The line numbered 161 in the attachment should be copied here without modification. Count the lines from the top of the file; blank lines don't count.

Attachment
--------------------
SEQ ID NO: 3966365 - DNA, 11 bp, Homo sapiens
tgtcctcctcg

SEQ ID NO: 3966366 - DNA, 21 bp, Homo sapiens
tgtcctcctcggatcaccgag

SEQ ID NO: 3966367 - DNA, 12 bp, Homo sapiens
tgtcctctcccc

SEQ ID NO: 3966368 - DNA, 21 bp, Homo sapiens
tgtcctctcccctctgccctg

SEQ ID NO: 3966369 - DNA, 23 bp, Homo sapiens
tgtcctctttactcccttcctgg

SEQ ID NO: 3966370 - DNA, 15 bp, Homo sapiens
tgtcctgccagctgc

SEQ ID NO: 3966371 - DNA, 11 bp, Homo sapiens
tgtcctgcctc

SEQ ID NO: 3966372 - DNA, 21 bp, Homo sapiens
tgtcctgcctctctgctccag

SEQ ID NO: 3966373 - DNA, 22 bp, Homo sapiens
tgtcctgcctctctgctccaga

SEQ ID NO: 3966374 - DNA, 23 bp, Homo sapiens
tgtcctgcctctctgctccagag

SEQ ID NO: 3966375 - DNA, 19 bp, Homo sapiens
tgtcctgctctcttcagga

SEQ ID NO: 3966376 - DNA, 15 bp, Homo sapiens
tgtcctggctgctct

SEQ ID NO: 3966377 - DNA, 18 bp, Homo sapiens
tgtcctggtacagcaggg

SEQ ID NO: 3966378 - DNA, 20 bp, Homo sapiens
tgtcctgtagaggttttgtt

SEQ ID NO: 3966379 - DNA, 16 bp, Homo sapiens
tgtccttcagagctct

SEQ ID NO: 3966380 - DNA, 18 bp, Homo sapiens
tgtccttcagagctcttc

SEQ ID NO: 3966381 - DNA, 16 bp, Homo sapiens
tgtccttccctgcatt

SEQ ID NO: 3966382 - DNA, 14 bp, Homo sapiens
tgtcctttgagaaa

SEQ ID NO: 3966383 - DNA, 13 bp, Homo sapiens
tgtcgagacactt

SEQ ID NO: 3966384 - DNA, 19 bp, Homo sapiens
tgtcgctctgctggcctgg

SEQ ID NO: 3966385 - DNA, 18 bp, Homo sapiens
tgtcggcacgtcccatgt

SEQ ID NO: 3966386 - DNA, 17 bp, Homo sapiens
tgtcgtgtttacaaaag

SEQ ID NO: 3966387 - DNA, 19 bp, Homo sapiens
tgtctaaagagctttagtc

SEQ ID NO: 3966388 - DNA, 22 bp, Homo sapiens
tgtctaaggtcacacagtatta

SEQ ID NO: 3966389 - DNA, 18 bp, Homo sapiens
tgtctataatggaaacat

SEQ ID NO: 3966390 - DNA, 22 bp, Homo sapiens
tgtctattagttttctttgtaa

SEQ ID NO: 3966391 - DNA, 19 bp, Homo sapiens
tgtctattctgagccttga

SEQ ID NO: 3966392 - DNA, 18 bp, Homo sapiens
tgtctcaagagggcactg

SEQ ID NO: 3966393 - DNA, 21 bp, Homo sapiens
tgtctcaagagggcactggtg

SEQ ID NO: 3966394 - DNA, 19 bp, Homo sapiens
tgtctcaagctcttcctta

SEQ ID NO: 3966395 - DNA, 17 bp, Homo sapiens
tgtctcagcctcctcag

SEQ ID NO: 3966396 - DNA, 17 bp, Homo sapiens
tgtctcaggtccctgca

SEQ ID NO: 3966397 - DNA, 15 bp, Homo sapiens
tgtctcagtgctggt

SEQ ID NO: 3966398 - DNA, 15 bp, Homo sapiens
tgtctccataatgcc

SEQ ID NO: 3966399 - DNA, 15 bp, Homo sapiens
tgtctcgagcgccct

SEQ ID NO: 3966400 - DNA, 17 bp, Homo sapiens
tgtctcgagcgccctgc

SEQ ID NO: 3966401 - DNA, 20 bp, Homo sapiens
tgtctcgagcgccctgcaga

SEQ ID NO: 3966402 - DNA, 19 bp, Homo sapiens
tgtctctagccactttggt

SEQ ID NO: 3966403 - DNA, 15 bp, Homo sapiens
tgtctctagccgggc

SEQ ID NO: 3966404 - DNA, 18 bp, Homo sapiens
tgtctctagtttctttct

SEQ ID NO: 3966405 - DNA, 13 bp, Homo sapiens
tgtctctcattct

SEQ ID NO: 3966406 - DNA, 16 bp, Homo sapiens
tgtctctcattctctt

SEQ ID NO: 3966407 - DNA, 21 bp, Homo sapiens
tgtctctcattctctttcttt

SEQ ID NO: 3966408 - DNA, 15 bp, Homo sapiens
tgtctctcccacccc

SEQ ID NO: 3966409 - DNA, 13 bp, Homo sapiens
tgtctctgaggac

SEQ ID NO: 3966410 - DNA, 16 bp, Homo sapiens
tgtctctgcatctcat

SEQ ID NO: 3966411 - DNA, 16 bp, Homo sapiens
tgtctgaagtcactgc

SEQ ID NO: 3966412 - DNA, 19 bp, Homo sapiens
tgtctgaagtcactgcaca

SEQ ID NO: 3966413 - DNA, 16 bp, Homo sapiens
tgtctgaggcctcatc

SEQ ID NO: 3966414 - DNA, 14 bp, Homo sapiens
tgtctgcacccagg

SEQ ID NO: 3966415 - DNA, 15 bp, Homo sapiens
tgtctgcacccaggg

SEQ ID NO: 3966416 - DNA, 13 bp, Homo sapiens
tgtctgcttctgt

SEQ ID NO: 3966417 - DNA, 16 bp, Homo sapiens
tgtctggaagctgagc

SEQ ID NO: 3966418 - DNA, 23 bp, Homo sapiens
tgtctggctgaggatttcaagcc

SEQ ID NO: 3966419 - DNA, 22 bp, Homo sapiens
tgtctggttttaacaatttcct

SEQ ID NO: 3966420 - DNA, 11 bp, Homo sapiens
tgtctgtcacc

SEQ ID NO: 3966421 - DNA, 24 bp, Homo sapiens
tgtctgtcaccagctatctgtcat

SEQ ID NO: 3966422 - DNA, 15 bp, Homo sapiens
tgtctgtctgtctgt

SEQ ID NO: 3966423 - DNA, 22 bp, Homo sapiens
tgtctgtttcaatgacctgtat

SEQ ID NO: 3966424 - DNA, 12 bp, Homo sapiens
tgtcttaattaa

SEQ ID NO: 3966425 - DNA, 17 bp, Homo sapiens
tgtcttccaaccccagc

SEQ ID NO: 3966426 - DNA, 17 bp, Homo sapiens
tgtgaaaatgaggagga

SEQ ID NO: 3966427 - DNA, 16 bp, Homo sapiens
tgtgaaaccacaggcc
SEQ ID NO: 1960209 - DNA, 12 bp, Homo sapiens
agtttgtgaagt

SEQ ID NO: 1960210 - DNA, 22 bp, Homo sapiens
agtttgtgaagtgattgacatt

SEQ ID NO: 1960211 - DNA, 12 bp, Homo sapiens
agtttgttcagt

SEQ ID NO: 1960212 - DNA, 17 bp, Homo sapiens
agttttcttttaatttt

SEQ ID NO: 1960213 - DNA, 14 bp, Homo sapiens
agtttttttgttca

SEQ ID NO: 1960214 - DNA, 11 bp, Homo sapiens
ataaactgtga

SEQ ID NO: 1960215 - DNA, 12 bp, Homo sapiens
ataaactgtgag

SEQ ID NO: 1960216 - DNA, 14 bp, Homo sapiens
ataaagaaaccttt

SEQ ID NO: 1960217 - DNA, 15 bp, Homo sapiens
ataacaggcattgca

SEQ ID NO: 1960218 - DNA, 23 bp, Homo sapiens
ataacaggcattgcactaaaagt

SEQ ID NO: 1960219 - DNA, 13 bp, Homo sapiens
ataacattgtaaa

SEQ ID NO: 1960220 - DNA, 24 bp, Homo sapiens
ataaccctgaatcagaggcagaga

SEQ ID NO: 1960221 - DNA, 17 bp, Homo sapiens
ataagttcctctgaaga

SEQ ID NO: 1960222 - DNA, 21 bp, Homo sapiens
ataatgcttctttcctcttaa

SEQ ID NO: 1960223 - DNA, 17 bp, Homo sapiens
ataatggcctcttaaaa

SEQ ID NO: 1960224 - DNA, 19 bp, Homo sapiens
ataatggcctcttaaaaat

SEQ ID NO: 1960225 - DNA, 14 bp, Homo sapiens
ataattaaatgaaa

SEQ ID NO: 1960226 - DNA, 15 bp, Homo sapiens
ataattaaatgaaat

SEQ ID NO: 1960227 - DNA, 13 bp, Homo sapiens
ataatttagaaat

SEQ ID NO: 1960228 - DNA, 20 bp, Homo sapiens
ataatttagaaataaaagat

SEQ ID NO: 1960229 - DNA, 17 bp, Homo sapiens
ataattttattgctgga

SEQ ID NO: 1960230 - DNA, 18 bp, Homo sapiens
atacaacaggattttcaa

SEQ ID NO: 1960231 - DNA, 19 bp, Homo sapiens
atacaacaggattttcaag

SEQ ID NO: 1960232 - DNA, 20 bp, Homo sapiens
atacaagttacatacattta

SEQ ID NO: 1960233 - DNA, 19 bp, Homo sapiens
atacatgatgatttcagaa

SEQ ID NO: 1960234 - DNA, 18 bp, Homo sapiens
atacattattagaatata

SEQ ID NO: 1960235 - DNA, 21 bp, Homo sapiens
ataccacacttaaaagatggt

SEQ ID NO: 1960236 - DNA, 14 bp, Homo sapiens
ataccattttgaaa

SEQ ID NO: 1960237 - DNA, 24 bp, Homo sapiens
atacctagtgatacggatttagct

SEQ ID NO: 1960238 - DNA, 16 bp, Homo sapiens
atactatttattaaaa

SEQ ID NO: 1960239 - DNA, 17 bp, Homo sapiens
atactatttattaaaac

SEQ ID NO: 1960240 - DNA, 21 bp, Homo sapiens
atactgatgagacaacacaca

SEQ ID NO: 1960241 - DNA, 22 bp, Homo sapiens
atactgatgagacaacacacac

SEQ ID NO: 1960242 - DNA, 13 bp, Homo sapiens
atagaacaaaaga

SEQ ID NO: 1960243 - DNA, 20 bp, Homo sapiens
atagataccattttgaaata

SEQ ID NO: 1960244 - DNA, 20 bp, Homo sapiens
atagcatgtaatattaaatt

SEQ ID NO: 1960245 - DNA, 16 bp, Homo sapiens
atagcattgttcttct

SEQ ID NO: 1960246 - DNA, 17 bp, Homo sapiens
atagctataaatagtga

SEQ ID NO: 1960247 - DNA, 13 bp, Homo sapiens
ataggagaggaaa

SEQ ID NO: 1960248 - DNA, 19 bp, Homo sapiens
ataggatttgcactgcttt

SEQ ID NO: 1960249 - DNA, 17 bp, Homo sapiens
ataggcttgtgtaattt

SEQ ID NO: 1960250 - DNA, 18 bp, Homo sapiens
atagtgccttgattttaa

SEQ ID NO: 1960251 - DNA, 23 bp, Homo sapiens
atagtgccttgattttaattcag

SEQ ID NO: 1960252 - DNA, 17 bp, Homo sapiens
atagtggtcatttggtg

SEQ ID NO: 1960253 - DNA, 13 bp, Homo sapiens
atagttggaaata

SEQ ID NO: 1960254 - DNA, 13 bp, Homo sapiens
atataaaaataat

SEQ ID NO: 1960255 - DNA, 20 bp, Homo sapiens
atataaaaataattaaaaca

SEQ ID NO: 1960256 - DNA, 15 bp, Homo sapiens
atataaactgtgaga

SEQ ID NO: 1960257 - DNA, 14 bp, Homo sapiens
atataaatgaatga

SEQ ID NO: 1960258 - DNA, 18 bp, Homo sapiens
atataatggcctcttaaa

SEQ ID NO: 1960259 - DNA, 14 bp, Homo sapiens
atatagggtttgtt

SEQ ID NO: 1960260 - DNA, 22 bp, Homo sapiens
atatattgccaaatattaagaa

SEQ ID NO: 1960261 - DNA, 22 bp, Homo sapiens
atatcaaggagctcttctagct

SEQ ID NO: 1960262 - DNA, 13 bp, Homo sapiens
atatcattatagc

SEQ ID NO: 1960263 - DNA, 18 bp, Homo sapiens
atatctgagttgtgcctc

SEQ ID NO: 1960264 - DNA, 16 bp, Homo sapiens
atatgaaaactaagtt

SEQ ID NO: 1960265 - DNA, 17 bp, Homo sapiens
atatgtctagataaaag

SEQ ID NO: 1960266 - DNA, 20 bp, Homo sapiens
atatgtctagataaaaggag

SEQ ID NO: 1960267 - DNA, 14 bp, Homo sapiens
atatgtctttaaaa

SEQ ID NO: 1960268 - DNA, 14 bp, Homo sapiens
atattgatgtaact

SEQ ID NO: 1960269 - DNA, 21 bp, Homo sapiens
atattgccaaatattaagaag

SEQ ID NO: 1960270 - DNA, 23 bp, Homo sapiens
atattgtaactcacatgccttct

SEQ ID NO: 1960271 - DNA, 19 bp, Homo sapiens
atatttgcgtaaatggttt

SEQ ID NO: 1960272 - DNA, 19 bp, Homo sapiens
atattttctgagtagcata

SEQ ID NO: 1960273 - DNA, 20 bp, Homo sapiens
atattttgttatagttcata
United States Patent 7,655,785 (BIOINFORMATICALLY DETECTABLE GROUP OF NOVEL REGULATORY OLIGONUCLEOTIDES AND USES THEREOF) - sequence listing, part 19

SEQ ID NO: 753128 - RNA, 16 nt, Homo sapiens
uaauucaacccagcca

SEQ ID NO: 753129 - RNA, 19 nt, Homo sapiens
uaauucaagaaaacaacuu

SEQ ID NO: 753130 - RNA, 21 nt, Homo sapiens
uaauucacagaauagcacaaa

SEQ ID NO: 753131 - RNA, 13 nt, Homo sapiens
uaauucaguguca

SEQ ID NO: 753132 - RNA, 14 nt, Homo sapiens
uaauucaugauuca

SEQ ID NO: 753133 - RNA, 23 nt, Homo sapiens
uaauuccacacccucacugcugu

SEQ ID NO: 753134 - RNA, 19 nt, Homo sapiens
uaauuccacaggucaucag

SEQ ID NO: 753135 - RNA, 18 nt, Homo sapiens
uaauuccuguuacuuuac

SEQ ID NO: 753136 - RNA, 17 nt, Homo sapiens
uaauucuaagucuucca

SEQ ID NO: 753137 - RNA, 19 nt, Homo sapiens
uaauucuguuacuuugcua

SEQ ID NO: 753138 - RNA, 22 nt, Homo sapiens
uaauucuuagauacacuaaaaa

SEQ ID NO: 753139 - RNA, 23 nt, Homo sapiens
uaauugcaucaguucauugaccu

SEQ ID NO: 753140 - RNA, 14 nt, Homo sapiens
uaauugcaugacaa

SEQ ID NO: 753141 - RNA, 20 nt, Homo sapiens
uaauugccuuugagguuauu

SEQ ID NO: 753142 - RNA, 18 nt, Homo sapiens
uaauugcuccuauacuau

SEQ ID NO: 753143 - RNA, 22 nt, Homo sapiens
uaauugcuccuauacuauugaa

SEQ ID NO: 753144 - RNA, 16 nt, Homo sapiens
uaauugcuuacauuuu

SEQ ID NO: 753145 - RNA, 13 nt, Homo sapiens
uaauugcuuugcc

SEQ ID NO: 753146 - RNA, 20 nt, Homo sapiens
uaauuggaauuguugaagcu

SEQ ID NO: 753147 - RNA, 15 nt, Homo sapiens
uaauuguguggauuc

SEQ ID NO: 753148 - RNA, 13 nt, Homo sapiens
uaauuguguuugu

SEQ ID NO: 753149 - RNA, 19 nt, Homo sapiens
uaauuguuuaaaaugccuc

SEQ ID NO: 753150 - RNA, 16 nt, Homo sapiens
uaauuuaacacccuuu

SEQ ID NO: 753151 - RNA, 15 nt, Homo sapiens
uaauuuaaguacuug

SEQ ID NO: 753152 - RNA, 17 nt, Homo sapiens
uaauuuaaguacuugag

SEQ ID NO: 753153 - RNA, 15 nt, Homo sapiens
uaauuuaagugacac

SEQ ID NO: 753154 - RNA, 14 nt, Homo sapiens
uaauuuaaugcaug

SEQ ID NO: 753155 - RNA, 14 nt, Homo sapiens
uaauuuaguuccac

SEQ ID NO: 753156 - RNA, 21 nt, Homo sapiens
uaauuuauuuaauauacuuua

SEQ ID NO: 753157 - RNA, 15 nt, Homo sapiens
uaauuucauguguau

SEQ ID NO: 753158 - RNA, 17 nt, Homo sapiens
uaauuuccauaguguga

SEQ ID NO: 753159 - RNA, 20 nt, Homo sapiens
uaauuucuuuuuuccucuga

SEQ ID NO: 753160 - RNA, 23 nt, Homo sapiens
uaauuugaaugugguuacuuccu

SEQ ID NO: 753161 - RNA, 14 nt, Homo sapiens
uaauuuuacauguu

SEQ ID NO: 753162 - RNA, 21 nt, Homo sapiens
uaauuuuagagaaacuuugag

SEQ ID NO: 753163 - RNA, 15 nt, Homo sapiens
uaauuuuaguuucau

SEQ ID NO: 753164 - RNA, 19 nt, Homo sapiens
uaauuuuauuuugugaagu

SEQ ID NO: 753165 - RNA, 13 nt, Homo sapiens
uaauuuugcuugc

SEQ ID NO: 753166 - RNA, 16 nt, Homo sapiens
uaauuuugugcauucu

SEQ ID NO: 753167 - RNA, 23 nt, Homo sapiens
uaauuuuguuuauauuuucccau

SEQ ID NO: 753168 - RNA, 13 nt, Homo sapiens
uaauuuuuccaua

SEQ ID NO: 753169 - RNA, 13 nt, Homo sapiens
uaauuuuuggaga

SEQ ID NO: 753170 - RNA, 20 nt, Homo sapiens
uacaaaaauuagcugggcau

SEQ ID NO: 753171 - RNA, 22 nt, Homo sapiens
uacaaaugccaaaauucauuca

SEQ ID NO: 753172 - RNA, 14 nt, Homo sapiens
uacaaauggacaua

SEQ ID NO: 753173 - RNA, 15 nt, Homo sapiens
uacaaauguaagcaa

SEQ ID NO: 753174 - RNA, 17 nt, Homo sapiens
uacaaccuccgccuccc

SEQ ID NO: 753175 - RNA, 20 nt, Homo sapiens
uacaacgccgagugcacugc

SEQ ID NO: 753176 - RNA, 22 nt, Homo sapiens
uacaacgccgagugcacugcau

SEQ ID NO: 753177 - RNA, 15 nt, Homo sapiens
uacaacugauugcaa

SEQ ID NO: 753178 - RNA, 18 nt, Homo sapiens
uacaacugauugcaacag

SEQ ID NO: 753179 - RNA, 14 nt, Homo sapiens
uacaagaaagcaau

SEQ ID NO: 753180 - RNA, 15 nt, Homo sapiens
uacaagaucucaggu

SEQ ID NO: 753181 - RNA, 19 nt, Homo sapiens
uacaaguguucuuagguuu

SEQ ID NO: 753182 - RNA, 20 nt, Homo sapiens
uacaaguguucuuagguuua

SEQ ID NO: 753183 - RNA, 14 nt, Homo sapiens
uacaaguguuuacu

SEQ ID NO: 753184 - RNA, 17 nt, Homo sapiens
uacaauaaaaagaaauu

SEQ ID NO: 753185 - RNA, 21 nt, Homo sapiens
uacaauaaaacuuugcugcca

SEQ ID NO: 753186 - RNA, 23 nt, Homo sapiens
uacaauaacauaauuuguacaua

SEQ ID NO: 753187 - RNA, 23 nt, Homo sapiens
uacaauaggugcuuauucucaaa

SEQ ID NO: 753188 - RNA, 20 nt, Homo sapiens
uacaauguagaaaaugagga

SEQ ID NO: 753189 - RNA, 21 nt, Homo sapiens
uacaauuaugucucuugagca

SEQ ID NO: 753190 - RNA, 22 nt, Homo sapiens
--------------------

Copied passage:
SEQ ID NO: 1960226 - DNA, 15 bp, Homo sapiens